• the annualized percentage rates (APRs) for retail purchase and cash advances, together with the annual card fee, should be provided to the customer. Calculation of APRs is to be standardized;
  • the reasonableness and fairness of APRs that exceeds the level which is presumed to be extortionate under the Money Lenders Ordinance (at present 48% pa) should be justified;
  • a cardholder's maximum liability when his or her credit card is lost or stolen should be limited to HK$500 (US$64) unless he or she has acted fraudulently, or has been grossly negligent or otherwise has failed to inform the card issuer as soon as reasonably practicable after having found that his or her credit card had been lost or stolen;
  • card issuers may only recover reasonably incurred costs, and a detailed breakdown of such costs should be given to customers on request; and
  • subsidiary cardholders should not be held liable for the debts of the primary cardholders or other supplementary cardholders. Claims on rights of set-off between their accounts should be advised.

Real-time US dollar clearance

The launch of the US dollar clearing system in Hong Kong in August 2000 marked an important milestone in the development of Hong Kong's clearing and settlement infrastructure. The new system provides financial institutions with an efficient and reliable system for settlement of US dollar transactions on a real-time basis in the Asian zone. It is hoped that this system, the first of its kind in Asia, will help consolidate Hong Kong's financial position in the region.

A number of principal settlement facilities are provided through this system. First, the participating financial institutions may effect interbank US dollar payments on a real-time basis during Hong Kong business hours. The system is linked with both the Hong Kong-listed shares clearing system (CCASS) and debt securities settlement system (CMU). By such linkages, institutions can carry out delivery-versus-payment settlement (DvP) of US dollar-denominated securities or products traded on Hong Kong's stock and futures markets. DvP can significantly reduce the settlement risk previously associated with the trading of US dollar-denominated securities in Hong Kong. Secondly, the system interfaces with the existing Hong Kong dollar clearing system to allow banks to settle Hong Kong dollar/US dollar foreign exchange transactions on a payment-versus-payment basis (PvP). With the PvP facility, settlement risk arising out of two legs of Hong Kong dollar/US dollar foreign exchange transactions having to be settled in different time zones can be eliminated. Thirdly, the US dollar clearing system comes with a local US dollar cheque clearing mechanism. This allows banks in Hong Kong to render local US dollar cheque account services to their customers, who can now enjoy greater convenience in making US dollar payments in Hong Kong. The local US dollar cheques can now be cleared through this US dollar clearing system, instead of having to be sent back to New York for processing. Thus the settlement time for US dollar payments can be shortened significantly.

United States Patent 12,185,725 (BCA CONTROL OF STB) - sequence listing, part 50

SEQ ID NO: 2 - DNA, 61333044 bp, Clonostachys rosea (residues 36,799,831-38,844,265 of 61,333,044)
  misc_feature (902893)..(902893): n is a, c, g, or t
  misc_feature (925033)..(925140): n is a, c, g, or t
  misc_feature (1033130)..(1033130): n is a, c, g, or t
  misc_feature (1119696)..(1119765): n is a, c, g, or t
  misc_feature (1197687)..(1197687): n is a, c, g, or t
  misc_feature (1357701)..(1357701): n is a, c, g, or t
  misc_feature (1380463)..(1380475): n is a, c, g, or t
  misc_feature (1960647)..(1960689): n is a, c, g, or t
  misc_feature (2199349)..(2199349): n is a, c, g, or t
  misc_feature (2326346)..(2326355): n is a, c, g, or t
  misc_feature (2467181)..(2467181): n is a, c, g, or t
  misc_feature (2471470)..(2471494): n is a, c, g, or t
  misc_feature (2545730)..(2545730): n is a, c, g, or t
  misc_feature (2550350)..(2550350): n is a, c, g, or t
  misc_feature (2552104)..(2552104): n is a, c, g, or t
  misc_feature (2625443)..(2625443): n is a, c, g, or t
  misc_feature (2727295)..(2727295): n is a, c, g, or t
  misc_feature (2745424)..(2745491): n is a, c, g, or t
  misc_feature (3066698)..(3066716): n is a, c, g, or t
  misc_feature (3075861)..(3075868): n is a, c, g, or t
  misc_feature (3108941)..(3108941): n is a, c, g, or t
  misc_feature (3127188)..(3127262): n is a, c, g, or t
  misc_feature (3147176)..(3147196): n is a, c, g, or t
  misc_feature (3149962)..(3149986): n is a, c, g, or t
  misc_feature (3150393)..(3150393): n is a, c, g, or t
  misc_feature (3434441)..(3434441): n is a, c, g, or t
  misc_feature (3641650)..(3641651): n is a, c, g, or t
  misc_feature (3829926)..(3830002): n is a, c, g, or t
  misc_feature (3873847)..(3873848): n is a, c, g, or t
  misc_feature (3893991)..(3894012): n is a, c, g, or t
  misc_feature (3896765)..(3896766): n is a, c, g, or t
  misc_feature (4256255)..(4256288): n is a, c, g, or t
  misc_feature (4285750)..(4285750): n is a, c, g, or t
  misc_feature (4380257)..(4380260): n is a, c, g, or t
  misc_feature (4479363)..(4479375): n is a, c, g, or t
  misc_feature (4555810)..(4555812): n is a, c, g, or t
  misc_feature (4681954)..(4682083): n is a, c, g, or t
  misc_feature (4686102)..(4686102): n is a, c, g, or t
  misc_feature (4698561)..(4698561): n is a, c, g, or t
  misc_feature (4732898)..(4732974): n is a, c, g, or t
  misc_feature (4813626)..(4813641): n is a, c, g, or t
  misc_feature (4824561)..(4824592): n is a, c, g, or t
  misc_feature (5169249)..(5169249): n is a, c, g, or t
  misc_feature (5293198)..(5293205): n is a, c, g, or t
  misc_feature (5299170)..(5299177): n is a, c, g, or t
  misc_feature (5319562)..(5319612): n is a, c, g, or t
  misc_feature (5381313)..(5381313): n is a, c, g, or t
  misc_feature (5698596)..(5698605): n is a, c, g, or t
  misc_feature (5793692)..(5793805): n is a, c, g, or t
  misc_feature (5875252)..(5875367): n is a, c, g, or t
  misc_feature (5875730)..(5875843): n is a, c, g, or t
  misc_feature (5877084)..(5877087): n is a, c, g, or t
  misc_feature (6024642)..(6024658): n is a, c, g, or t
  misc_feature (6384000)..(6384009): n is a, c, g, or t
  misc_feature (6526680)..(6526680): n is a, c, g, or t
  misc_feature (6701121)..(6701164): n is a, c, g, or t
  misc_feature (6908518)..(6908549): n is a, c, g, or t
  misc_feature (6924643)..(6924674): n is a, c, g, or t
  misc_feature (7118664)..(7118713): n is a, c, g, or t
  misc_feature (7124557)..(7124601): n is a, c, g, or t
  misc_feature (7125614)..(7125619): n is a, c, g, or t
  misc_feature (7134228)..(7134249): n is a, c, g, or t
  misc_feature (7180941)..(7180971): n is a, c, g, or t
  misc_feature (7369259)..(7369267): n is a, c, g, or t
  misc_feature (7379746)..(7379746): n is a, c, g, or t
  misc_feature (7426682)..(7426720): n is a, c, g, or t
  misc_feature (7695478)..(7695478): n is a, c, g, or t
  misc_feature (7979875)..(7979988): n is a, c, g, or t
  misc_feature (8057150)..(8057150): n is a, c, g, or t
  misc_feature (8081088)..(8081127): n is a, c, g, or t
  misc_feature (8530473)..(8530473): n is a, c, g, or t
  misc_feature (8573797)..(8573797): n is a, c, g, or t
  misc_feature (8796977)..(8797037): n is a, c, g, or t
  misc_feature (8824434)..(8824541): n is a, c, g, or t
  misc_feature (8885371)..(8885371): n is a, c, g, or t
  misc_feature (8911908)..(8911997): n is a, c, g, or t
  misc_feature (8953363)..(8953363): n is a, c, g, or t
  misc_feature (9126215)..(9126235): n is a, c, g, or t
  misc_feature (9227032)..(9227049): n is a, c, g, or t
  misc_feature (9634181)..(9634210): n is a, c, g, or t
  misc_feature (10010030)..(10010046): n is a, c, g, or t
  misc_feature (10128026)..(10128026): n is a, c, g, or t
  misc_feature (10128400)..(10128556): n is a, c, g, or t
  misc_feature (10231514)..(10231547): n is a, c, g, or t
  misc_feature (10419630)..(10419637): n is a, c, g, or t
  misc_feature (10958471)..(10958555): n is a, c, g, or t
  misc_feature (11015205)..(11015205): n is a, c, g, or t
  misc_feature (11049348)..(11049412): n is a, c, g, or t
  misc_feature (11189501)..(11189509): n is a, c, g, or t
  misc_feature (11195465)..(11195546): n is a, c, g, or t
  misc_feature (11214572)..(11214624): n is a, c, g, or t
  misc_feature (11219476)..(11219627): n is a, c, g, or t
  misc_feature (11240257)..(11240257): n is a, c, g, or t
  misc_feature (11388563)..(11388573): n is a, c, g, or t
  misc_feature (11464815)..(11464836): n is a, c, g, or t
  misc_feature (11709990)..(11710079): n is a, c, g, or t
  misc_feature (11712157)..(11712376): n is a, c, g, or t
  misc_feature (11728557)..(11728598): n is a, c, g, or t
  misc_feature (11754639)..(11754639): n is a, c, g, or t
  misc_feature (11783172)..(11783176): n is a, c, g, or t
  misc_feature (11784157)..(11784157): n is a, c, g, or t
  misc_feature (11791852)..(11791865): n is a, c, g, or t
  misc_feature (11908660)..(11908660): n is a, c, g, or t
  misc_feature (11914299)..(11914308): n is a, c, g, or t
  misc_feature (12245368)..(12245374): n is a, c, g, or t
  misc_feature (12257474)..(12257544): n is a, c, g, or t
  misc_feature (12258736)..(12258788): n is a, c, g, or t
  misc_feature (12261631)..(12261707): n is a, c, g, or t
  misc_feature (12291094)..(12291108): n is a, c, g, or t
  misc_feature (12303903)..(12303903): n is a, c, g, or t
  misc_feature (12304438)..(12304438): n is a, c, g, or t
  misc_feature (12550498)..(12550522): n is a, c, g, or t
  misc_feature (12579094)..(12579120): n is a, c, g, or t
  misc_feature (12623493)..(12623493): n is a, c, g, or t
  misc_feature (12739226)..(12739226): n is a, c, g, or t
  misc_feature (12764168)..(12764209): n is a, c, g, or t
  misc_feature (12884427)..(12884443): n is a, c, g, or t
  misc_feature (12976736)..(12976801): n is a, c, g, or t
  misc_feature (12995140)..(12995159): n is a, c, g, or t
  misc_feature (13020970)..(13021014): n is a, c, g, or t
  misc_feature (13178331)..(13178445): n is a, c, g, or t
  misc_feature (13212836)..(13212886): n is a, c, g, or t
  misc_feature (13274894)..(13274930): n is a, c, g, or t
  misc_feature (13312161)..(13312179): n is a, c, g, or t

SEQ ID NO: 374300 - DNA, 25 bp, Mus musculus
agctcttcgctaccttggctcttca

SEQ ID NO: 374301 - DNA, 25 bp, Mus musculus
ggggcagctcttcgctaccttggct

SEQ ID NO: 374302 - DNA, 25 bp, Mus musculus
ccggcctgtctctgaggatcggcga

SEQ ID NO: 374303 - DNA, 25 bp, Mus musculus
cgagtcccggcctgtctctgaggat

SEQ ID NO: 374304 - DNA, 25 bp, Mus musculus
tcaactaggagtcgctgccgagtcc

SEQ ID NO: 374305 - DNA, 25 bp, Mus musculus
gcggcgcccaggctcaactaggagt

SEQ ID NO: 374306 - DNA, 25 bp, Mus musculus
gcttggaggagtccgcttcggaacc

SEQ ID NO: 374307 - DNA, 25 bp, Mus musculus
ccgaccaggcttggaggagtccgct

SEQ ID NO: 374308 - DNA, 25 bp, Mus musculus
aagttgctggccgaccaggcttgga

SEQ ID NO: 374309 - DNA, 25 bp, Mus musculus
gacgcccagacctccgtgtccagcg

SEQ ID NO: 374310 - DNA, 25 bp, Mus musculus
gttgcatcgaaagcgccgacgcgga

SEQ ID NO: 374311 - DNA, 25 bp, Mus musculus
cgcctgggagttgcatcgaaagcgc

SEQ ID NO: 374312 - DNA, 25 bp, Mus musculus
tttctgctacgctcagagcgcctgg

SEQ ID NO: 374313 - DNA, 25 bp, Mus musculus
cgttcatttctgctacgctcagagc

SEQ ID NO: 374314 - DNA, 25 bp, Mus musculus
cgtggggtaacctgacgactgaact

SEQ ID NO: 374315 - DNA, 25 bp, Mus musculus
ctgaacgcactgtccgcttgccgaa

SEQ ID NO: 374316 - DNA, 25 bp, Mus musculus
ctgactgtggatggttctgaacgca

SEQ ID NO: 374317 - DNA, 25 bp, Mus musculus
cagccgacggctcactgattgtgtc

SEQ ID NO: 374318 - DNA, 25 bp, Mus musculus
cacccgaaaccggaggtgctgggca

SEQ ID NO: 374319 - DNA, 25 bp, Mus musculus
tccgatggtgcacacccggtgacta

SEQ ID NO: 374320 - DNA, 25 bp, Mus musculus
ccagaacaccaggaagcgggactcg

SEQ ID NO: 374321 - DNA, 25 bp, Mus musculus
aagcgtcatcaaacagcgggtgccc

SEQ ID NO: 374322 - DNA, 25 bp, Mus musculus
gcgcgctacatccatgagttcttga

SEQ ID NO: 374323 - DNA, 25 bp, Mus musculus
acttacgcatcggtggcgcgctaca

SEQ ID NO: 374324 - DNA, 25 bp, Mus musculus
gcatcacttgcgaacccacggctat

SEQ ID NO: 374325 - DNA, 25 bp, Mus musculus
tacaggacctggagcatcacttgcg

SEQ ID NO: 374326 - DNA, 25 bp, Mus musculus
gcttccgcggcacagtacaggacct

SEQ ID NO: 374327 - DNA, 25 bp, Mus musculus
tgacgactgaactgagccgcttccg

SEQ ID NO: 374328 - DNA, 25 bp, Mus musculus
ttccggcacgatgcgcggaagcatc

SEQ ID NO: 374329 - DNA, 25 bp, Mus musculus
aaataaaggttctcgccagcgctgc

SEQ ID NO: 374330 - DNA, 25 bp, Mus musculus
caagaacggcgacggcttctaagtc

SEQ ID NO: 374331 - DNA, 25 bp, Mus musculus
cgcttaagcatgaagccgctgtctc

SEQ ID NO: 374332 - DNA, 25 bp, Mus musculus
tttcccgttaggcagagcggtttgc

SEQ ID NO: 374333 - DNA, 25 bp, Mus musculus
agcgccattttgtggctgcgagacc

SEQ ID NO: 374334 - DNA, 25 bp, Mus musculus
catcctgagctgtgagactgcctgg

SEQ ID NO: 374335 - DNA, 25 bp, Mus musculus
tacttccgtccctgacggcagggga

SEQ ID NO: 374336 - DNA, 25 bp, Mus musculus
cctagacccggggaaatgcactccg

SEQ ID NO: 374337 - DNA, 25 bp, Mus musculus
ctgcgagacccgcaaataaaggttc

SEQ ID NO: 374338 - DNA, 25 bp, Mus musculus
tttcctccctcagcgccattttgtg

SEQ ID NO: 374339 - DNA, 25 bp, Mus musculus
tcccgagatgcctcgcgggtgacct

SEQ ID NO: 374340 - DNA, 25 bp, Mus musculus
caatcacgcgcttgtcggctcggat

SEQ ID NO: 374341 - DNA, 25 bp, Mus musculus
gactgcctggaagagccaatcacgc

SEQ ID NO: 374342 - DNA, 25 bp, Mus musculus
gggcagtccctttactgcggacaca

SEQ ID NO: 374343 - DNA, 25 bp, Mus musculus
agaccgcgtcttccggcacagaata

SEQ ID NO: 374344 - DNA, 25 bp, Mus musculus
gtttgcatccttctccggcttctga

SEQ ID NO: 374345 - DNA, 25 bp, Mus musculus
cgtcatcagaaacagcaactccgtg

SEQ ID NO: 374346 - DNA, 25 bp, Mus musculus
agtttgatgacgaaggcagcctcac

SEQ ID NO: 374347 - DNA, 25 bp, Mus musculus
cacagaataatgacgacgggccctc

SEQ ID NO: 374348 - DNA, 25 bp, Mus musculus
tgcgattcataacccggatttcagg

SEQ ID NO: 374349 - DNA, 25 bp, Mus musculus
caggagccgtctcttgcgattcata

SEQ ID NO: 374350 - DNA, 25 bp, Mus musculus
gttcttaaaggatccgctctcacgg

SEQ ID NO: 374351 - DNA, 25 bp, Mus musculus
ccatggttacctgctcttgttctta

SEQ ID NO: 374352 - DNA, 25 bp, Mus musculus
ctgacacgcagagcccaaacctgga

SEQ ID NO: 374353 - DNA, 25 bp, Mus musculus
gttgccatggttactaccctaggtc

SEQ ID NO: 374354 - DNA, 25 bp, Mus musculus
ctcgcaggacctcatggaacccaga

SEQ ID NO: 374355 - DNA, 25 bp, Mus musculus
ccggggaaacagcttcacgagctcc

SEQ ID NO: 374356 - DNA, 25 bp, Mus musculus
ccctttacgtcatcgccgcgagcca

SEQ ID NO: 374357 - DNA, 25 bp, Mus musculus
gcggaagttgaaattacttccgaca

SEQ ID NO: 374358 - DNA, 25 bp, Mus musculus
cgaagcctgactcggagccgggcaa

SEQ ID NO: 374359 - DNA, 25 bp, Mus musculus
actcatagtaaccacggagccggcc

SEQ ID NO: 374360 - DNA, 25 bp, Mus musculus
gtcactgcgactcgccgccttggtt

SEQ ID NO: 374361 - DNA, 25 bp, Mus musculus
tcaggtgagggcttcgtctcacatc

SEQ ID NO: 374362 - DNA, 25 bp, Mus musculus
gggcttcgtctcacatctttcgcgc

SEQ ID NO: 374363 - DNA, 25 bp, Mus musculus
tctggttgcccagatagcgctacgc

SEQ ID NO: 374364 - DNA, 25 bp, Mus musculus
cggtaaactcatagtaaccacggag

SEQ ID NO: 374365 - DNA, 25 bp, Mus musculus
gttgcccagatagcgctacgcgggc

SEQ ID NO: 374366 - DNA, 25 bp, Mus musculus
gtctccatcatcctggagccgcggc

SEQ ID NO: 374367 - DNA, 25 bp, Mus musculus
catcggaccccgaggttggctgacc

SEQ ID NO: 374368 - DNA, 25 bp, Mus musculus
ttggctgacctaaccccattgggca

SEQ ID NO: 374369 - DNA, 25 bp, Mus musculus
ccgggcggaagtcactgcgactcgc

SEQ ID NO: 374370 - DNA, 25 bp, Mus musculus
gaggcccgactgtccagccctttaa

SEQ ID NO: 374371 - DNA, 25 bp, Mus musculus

Financial restructurings and insolvencies

While financial restructuring of Hong Kong businesses are being completed, and the number of new financial restructurings continues to diminish as the economy picks up, there still remains a need for banks to deal with bad or problem debts to meet HKMA requirements. It is probably correct to say that, like it or not, banks in Hong Kong have accumulated substantial knowledge of insolvency techniques and financial restructuring methodologies over the last three years since the Asian economic crisis started. The past year has seen many banks take court proceedings against a substantial number of defaulting customers. The incidence of fraud in trade finance transactions appears to have risen in the light of the economic downturn. Receiverships and other insolvency techniques to enforce on collateral whether in Hong Kong or elsewhere remain a useful tool in this respect. As many insolvent Hong Kong businesses have mainland Chinese assets and operations, enforcing against and realizing these remain a challenge for creditors and their advisers alike. Yet, in the case of financial restructuring, banks have been exposed to a variety of mechanisms for dealing with problem debtors ranging from concerted legal proceedings to exposure haircuts in debtors' favour, from court supervised schemes of arrangement to exchanging debt exposure for shares in a corporate debtor, and from dealing with white knights to dealing with other unyielding banks with differing interests.

Year 2001

A robust banking system underpins Hong Kong's competitiveness as a financial centre and is a solid foundation for its greater role in the international economy. With personnel changes at the top governmental level, the ex-Financial Secretary, Donald Tsang, who is no stranger to forging policies for the Hong Kong economy, recently succeeded Anson Chan as Hong Kong's Chief Secretary for Administration upon her retirement. Antony Leung, a seasoned banker, takes over the mantle from Tsang as Financial Secretary, and with it the hope that the Hong Kong economy will perform steadily this year. Yet with significant changes globally and in the banking market, banks are set to remain cautious about the prospects for 2001.

Koo and partners
Solicitors & Notaries

22/F Bank of China Tower
1 Garden Road
Hong Kong

Tel: 852-28679988
Fax: 852-28681017
E-mail: awyc@kooandpartners.com